Following on from yesterday's post, I see two main entry points to the sad second path for the future of healthy life extension - the path that sees us all suffering and dying from age-related degeneration because the technologies to save us from this fate arrive too late.
The first: that the distributed global advocacy community for longevity and life-extending research never attains critical mass, never manages to sufficiently educate the public to tell the difference between junk science and real anti-aging research, never starts the research funding avalanche. Our models for success are AIDS advocacy since the 80s, or patient advocacy for cancer across the past three decades. It's up to us to make this movement just as successful - all our lives are at stake.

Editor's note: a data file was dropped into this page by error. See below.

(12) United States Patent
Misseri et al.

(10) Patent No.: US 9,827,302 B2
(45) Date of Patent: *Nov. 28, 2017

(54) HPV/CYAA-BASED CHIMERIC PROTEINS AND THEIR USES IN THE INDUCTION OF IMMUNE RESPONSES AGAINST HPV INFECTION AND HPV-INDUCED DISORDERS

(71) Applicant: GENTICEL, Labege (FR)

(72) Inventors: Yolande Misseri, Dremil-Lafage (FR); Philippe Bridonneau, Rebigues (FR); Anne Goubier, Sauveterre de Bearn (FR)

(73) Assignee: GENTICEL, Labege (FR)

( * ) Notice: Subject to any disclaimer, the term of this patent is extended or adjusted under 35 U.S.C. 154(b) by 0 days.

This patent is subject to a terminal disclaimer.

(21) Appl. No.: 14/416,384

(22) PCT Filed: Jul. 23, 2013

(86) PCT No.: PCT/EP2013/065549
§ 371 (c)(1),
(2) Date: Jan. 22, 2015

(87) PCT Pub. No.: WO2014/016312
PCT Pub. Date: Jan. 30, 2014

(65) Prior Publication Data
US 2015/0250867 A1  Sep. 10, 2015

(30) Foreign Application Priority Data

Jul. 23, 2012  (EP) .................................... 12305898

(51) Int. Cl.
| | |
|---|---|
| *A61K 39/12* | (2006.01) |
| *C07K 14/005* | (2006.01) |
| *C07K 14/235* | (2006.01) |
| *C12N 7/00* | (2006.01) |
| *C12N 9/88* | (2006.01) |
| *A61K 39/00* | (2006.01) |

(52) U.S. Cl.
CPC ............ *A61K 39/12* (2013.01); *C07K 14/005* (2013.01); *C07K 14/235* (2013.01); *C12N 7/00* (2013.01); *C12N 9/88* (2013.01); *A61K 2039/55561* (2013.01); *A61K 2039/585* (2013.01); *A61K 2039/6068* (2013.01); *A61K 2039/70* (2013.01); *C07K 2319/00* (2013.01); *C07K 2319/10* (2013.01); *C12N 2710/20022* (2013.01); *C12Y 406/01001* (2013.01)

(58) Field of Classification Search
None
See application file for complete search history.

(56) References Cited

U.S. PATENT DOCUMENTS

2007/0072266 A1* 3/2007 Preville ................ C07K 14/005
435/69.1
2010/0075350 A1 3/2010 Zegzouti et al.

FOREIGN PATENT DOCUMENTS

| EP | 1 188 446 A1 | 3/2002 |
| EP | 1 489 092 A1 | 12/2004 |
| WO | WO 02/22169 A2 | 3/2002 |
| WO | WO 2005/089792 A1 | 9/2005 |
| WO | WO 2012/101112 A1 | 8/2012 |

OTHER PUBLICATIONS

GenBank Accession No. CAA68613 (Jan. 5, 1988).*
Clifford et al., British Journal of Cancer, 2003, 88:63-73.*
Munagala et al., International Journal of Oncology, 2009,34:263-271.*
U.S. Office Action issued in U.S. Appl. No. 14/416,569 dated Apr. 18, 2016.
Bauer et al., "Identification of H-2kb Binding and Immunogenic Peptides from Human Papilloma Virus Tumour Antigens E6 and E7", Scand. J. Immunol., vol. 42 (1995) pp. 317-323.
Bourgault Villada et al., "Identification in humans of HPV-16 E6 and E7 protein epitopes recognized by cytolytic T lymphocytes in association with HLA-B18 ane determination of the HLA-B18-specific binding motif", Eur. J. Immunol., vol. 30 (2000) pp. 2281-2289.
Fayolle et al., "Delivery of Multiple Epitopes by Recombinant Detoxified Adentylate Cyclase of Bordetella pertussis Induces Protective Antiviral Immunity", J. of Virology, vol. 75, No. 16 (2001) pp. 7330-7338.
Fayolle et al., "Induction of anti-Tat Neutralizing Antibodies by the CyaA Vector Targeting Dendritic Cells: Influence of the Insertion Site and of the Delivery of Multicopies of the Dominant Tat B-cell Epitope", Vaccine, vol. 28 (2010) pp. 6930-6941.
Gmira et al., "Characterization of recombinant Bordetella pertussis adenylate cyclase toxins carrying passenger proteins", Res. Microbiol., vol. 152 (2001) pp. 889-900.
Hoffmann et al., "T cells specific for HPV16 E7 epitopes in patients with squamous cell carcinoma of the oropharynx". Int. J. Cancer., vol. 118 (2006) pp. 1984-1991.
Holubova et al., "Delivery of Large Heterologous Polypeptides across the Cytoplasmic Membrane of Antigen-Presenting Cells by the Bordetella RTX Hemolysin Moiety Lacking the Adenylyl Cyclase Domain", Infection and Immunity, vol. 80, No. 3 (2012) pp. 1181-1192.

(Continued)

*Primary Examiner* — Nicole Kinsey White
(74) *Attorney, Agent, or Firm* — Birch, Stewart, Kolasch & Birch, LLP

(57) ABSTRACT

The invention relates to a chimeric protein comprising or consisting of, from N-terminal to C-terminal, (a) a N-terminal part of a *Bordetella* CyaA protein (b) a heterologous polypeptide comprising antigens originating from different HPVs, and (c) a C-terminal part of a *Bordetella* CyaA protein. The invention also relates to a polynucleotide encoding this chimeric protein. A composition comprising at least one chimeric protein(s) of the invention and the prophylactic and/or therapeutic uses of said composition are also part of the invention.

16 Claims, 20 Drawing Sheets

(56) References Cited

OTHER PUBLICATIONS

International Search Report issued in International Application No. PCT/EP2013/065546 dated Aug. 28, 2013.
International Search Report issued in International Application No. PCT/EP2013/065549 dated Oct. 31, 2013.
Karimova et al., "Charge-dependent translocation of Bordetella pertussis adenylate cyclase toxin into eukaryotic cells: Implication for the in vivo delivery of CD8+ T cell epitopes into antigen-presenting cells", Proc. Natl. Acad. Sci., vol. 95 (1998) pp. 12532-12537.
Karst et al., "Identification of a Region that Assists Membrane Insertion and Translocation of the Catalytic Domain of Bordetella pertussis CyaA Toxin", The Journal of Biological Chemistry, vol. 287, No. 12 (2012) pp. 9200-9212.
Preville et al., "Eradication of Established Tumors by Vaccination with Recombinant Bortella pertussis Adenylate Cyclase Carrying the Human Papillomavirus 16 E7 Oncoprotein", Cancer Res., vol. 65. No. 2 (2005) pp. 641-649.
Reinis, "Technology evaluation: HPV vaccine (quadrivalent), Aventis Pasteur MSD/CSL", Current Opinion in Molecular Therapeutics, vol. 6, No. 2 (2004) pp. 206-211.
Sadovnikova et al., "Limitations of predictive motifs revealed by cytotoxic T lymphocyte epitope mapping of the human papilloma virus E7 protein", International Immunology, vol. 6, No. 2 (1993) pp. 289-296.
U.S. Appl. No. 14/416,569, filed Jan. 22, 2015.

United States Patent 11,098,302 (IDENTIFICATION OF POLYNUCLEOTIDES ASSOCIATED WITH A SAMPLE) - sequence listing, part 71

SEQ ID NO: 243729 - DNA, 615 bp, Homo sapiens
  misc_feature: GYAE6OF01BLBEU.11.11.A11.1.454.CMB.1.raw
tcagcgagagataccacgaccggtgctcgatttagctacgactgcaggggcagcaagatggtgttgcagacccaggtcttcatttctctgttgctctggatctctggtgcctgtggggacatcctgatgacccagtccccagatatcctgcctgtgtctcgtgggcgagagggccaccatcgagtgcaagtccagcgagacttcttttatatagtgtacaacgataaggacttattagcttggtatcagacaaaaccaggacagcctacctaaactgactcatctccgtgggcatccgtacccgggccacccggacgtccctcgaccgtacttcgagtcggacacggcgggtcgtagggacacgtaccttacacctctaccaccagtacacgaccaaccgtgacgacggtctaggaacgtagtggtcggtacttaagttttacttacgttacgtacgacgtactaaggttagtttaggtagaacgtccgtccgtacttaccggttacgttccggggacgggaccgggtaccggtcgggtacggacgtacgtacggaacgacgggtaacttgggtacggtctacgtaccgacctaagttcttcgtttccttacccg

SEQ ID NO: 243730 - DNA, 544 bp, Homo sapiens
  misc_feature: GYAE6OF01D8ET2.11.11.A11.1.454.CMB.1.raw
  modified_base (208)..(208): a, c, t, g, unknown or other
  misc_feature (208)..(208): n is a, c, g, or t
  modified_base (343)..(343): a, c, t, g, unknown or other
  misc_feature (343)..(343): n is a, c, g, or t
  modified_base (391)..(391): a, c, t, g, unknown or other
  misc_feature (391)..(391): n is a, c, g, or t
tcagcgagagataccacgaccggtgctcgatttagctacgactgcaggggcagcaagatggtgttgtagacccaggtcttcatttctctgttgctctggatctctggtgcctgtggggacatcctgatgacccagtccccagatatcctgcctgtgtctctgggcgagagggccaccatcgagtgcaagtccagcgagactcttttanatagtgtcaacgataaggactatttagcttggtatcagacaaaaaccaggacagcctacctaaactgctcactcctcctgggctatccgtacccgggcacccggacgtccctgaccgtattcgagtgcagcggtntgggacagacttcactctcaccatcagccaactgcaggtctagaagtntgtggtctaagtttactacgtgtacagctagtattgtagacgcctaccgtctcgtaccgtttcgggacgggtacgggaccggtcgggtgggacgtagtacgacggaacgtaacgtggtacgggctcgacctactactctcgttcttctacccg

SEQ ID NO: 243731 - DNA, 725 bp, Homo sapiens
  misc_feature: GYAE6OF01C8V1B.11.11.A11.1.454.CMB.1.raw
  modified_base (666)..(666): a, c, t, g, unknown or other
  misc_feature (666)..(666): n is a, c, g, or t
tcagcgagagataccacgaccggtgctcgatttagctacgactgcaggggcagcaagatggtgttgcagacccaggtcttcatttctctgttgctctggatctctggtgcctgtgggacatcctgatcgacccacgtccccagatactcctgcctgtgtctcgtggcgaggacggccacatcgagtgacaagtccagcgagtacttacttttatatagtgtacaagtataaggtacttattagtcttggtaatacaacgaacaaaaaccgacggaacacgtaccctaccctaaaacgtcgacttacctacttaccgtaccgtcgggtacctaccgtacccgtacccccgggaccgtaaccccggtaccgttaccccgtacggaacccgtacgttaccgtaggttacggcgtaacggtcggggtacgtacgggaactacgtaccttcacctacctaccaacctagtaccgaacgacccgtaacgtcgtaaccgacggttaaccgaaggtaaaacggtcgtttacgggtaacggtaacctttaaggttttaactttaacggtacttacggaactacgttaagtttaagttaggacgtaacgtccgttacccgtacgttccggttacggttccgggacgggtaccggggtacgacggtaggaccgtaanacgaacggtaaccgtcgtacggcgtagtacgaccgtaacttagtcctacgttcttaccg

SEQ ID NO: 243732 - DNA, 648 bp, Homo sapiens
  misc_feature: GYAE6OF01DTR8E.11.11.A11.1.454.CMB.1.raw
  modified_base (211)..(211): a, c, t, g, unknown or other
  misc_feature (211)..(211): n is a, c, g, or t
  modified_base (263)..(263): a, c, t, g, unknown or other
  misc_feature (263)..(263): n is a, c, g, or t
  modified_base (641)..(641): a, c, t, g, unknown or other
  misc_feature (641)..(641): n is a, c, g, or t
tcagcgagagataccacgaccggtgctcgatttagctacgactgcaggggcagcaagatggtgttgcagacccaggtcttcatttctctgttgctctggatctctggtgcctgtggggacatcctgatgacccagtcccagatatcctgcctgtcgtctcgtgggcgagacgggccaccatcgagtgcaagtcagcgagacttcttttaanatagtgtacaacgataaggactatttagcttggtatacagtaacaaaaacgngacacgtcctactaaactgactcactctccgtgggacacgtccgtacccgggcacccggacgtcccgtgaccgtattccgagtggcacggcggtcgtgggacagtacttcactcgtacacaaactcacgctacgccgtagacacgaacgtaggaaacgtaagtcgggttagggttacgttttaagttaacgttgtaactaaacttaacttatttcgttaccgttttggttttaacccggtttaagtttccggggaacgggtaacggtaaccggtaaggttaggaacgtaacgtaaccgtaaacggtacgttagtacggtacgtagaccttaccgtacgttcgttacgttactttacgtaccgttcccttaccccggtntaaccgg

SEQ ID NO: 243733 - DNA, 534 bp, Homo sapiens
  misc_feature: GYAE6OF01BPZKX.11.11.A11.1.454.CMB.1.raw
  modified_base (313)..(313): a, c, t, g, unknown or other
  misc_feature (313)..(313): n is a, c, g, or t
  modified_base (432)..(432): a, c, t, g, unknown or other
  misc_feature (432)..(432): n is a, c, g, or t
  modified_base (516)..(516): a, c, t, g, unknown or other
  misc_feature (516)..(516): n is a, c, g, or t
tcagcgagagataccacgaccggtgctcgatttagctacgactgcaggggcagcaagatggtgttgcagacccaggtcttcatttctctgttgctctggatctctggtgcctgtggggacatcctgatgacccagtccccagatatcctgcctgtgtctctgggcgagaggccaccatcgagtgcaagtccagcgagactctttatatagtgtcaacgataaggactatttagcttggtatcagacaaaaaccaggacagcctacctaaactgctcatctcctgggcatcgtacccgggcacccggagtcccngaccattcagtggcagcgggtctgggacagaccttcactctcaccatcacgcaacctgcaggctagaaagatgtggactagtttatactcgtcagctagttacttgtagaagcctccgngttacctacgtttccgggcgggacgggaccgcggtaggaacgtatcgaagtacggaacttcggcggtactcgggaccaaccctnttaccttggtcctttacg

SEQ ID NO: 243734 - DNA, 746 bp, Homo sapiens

The second entry point to a future in which medicines capable of extending our healthy life spans arrive too late is one in which the monsters of regulation, nationalization and socialism in medicine (and no end to socialism in medicine, sadly) impede research and progress. Government investment is, by its very nature, enormously inefficient when it comes to producing results. Demonstrably so - the incentive structure is counterproductive, as decision makers have no meaningful reward for success nor penalty for failure. Even worse is government investment coupled with protectionism, making it the only game in town. Competition is the alchemy by which selfish human nature produces greater good - just look at what happened to the space program in government-enforced absence of any meaningful competition. Billions upon billions spent for very little gain; there is nothing to say that this couldn't happen to medicine in these times of ever bigger government and ever greater attempted social control. The worst case scenario would be for the present trends in socialism in medicine in the US and Europe to continue and spread in Asia as well; it would cripple the research communities and our chances of longer, healthier lives.